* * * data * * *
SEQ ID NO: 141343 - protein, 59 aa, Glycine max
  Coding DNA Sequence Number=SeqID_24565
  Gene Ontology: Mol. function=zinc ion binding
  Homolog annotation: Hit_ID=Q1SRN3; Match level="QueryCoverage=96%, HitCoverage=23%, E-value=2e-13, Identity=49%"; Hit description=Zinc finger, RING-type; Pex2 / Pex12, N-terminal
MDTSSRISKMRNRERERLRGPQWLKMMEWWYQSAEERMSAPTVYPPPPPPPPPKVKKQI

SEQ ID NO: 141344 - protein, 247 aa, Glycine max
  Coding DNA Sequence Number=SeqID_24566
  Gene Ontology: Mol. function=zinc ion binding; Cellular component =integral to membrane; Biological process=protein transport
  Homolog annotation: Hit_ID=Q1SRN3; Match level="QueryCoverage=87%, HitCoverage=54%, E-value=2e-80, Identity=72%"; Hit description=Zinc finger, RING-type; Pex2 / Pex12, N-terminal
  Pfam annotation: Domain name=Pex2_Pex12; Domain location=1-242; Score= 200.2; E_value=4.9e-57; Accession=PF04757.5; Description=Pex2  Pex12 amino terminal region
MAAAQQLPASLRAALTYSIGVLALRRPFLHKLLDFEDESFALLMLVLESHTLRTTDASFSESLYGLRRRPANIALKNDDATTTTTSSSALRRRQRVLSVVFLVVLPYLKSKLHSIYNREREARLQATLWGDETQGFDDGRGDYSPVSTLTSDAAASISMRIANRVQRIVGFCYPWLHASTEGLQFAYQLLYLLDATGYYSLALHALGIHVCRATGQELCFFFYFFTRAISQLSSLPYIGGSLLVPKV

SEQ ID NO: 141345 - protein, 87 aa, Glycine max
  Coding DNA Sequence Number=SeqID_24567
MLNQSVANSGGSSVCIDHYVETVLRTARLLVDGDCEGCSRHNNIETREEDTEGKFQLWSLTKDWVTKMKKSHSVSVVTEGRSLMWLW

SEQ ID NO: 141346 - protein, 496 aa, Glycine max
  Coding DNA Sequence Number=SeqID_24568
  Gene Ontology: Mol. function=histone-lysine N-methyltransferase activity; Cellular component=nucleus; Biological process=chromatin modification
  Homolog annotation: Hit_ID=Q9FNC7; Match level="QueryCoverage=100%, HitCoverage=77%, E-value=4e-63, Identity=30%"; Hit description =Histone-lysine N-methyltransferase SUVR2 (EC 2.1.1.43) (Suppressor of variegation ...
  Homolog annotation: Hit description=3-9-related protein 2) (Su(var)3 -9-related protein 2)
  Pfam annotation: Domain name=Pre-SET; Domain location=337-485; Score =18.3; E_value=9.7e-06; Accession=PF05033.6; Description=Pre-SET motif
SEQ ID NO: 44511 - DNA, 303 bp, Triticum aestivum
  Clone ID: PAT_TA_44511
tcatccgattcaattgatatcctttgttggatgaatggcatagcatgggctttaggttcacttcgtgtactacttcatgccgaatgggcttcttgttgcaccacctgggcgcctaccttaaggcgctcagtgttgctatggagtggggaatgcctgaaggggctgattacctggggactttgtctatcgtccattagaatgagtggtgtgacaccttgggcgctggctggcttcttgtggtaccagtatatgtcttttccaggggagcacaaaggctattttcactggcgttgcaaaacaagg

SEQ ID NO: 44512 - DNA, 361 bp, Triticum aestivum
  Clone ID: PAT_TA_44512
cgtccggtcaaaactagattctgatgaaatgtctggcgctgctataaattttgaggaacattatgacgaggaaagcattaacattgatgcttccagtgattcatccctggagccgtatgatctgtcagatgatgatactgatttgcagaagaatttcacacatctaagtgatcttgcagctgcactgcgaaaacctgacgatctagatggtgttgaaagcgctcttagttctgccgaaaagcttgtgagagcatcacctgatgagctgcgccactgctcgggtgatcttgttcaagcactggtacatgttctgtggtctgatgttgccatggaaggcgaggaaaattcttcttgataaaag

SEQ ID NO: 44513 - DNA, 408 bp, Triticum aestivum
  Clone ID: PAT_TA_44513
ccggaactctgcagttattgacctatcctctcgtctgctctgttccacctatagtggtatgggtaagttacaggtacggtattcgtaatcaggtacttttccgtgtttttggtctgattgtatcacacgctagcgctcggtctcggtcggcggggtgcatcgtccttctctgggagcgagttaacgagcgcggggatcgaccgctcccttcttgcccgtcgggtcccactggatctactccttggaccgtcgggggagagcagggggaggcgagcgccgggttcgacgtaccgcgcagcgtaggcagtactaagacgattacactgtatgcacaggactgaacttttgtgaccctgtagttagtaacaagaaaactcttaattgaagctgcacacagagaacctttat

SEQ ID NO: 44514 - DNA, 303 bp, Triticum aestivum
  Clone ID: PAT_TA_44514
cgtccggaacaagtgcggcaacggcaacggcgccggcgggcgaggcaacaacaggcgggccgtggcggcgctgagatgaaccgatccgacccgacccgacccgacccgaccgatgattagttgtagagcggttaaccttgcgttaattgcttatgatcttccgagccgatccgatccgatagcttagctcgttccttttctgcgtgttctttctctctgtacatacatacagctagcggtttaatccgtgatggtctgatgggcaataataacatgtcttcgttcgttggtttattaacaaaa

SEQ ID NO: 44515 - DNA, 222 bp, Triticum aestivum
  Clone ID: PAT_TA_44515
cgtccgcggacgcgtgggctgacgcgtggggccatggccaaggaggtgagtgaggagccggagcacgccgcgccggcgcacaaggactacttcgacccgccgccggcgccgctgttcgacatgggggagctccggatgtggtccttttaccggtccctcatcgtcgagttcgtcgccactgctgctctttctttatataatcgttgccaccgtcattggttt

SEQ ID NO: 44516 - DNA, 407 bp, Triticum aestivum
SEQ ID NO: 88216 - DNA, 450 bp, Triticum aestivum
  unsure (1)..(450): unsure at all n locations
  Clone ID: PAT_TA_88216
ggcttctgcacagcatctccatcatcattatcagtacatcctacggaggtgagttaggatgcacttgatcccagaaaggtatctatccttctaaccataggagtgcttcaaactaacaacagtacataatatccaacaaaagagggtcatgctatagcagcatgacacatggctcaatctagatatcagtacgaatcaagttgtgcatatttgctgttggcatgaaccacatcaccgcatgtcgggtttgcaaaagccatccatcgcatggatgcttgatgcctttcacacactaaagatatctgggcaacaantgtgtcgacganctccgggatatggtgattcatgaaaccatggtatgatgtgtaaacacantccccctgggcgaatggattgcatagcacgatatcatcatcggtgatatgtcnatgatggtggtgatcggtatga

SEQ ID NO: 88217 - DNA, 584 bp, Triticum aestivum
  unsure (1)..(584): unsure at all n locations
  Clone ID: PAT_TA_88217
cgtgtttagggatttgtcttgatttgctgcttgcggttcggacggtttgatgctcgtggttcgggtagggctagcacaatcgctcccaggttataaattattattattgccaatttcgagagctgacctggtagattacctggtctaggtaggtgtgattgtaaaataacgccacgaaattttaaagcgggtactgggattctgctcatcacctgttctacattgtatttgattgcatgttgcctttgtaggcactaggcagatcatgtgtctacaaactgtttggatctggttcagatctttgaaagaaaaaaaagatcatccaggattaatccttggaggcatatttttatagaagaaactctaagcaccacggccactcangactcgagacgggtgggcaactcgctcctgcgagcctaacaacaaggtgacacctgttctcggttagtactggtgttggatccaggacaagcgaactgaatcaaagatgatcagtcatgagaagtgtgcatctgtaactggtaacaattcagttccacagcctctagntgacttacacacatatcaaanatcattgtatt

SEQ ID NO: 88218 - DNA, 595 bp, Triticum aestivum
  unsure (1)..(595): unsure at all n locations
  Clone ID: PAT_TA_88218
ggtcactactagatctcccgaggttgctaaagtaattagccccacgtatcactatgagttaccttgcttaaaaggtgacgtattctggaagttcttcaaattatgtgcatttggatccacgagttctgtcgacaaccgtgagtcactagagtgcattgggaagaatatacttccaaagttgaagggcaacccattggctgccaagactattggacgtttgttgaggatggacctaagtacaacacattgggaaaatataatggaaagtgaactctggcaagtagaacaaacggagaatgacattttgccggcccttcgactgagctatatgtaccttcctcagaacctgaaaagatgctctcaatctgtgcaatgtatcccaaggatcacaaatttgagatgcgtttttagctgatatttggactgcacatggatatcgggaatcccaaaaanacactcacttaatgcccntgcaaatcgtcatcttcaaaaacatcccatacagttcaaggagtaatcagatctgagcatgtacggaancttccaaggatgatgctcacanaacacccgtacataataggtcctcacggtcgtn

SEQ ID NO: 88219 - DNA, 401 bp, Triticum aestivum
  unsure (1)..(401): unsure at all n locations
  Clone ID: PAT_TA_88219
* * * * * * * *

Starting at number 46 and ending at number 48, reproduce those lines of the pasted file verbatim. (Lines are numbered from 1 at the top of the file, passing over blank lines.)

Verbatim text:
  unsure (1)..(595): unsure at all n locations
  Clone ID: PAT_TA_88218
ggtcactactagatctcccgaggttgctaaagtaattagccccacgtatcactatgagttaccttgcttaaaaggtgacgtattctggaagttcttcaaattatgtgcatttggatccacgagttctgtcgacaaccgtgagtcactagagtgcattgggaagaatatacttccaaagttgaagggcaacccattggctgccaagactattggacgtttgttgaggatggacctaagtacaacacattgggaaaatataatggaaagtgaactctggcaagtagaacaaacggagaatgacattttgccggcccttcgactgagctatatgtaccttcctcagaacctgaaaagatgctctcaatctgtgcaatgtatcccaaggatcacaaatttgagatgcgtttttagctgatatttggactgcacatggatatcgggaatcccaaaaanacactcacttaatgcccntgcaaatcgtcatcttcaaaaacatcccatacagttcaaggagtaatcagatctgagcatgtacggaancttccaaggatgatgctcacanaacacccgtacataataggtcctcacggtcgtn